ATLANTA (March 27, 2001) - Tony Stewart, driver of the #20 Home Depot Pontiac in the NASCAR Winston Cup Series, will be doing his own version of the Texas Two Step when the series rolls into Texas Motor Speedway for the Harrah's 500.
He'll practice and qualify his Home Depot Pontiac during the day, but at night he'll step over to the dirt track located just behind the backstretch grandstand. There, the World of Outlaws circuit is making its 11th and 12th stops March 29-30 on their 104-race schedule with Stewart's very own World of Outlaws team, piloted by Danny Lasoski, leading the championship point standings.
Stewart began assembling his World of Outlaws team at the beginning of the 2000 season. His hard work came to fruition in a big way, when Lasoski won the "A" Feature in just the team's fourth outing at Las Vegas Motor Speedway March 4. Since then, Lasoski has posted one preliminary feature win (March 9 in Mesquite, Texas), four top-fives and six top-10s, and leads second-place Craig Dollansky by 25 points.
Known throughout the motorsports community as a talented race car driver, Stewart is quickly becoming known as an equally savvy race team owner.
This team that you spent all last year building is now leading the point standings. How satisfying is that?
"The thing that I'm most impressed about with the success that we've had so far is Jimmy Carr's (crew chief) philosophy that we don't even talk about points or where we are in the point standings. There are three times as many races in the Outlaw series as there are in the Winston Cup Series. We only have six races under our belt and we're leading the points. It does make you feel good as a car owner, and I think Danny's got a lot of confidence and he's happy and Jimmy's happy as well as all the guys on the crew. That probably means more to me right now then where we are in the points. It's just the cherry on top of the ice cream that we're able to lead the points right now."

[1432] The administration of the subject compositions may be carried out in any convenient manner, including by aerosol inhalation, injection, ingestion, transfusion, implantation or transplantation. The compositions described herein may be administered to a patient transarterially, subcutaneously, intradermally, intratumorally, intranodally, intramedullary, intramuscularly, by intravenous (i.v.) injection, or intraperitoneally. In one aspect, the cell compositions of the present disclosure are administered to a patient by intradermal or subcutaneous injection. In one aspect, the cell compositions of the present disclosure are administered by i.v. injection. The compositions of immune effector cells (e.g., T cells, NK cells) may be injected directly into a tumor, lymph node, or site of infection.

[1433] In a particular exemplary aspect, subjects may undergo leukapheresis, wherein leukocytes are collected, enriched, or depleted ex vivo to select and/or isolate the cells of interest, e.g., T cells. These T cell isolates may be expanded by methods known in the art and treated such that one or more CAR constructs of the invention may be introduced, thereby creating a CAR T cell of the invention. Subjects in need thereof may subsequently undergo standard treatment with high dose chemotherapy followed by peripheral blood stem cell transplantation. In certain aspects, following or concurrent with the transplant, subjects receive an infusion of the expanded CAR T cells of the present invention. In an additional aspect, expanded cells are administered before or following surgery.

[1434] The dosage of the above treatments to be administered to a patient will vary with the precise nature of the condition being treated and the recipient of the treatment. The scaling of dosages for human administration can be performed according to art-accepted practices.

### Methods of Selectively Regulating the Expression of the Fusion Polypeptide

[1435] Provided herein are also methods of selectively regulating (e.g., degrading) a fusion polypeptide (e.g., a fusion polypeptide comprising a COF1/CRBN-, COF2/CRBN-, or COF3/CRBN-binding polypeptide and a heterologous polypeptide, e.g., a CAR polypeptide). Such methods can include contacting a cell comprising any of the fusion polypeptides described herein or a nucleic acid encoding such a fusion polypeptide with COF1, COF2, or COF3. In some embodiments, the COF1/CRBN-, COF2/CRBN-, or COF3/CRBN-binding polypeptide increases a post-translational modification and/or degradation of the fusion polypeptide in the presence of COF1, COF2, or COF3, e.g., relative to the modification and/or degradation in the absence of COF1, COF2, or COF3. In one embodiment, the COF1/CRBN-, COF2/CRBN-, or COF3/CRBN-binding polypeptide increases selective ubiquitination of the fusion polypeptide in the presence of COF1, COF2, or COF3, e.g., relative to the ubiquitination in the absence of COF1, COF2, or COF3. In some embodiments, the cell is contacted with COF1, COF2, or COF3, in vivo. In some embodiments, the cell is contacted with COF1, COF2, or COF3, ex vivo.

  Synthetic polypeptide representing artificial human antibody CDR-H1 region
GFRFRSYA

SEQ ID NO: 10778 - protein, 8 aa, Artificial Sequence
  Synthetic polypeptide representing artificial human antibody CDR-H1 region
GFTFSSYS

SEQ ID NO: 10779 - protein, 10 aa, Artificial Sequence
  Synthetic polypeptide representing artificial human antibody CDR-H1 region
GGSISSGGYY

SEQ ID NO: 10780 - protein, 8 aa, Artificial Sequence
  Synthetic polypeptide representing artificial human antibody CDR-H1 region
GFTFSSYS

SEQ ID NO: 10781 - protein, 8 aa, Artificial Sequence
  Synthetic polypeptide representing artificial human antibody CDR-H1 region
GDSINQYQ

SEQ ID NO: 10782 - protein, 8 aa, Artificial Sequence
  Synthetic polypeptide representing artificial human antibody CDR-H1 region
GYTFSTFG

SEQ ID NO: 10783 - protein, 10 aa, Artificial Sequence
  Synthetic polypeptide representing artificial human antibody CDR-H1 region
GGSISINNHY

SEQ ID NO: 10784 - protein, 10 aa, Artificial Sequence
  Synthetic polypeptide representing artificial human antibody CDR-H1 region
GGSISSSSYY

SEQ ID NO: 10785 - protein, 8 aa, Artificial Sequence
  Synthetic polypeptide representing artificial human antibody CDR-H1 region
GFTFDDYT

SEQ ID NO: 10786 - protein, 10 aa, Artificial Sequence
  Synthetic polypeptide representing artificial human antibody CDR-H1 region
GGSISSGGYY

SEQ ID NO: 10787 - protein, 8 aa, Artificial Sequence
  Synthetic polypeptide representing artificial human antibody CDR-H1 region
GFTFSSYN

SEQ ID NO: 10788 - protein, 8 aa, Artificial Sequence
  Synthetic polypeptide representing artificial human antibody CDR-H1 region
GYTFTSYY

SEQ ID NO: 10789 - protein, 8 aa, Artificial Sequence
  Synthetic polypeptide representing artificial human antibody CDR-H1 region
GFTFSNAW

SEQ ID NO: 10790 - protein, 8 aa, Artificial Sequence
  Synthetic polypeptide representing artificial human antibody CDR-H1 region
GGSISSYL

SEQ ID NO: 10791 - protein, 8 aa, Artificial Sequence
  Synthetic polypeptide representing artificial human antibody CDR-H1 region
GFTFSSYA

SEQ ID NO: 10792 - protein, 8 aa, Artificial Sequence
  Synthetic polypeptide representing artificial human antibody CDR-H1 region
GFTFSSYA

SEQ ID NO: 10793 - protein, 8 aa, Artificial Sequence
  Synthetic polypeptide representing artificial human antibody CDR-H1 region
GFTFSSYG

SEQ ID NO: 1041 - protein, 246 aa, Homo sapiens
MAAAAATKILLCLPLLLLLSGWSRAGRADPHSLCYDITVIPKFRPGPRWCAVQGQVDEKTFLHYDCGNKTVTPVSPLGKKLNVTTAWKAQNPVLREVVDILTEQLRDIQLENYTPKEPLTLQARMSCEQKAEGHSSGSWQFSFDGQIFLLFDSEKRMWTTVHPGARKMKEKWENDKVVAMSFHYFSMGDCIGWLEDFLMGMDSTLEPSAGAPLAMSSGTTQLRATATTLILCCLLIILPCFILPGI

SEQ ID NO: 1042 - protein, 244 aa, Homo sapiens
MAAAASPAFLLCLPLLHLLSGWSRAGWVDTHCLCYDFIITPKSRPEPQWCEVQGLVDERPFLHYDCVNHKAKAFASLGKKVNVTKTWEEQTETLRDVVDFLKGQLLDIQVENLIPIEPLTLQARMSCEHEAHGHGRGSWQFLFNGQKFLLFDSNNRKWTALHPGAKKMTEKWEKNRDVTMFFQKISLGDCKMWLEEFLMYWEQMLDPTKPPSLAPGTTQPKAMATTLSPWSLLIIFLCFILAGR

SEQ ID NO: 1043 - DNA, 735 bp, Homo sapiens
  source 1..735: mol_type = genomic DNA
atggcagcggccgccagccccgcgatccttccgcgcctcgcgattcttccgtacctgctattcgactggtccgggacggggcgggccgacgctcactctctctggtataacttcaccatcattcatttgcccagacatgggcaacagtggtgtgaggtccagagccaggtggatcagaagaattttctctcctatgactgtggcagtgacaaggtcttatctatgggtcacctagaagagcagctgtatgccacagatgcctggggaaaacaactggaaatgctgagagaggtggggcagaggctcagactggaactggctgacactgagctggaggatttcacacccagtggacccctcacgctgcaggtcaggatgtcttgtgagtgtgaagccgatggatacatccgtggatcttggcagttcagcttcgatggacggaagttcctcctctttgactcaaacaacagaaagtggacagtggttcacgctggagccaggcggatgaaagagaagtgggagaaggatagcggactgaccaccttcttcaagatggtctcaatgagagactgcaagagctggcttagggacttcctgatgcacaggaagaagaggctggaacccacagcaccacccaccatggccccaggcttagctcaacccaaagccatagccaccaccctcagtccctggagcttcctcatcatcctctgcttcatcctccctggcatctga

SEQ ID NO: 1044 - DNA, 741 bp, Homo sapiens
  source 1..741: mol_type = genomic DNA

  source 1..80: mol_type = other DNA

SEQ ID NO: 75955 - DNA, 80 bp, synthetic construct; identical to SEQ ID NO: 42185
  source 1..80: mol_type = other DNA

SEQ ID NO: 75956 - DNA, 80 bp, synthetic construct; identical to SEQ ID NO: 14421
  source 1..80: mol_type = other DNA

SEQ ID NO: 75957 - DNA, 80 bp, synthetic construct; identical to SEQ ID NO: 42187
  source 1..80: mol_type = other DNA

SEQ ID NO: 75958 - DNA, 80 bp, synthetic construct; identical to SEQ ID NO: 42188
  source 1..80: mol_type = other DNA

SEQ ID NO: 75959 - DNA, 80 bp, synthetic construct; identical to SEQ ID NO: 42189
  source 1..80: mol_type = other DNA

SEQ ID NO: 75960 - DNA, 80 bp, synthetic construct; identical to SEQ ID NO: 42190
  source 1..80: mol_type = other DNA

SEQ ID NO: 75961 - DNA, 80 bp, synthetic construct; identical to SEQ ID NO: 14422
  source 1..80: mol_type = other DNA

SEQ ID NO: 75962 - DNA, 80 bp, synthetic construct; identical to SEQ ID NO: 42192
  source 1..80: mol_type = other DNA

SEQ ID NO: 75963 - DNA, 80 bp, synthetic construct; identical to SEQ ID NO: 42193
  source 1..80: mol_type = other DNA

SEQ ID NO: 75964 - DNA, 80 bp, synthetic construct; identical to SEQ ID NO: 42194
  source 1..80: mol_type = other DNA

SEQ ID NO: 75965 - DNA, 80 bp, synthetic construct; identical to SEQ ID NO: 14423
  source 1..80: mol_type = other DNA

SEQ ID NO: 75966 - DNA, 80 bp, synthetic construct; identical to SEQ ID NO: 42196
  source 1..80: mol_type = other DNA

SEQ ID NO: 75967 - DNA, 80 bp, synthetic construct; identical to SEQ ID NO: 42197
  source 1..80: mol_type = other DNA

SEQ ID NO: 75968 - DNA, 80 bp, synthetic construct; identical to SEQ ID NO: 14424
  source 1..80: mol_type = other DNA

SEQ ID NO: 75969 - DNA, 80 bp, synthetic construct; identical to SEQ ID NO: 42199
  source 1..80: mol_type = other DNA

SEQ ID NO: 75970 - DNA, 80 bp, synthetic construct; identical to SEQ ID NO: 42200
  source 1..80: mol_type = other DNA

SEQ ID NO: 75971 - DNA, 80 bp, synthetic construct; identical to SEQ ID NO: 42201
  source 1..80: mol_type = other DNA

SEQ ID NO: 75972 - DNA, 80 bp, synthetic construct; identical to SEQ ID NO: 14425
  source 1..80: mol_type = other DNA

Are you surprised by how quickly this team has proven itself as a championship contender?
"I watched those guys last year when we were building this team. We didn't run any World of Outlaw races, but we ran against some tough guys at some tough tracks. Danny has run long enough that he knows when the car feels really good. He was excited about it and I knew the team was capable of doing it. It was just a matter of going out and doing it, so when spring got here I made sure that I did everything as a car owner that I could to help the guys have all the tools, parts and everything they needed to get prepared for the season - because it's a long, grueling season. The guys did a better job then their owner did. I struggled getting the guys engines. I struggled getting them some parts. But the guys have really come through and they're starting to get caught up now to where they don't have to thrash anymore. Now they can get down to the fine-tuning aspect of the car."
The World of Outlaws season is still young, and there's a long way to go. What will it take for your race team to maintain this front-running consistency throughout the rest of the season?
"You've got to be ready. Preparation is the biggest key to everything. Your motor program has got to be up to par and be ready to go and Danny's got to have the confidence in what's under him. When you get into that part of the season where you're running three and four nights a week, as a driver, as a crew chief and as a race team, you have to feel like you're on top of your game. You have to feel like when you go to the track you're the ones everyone else has to beat. I think if we keep running like we are right now, even when the summer and those hot days come and the track starts drying out a lot, that's where we're going to be."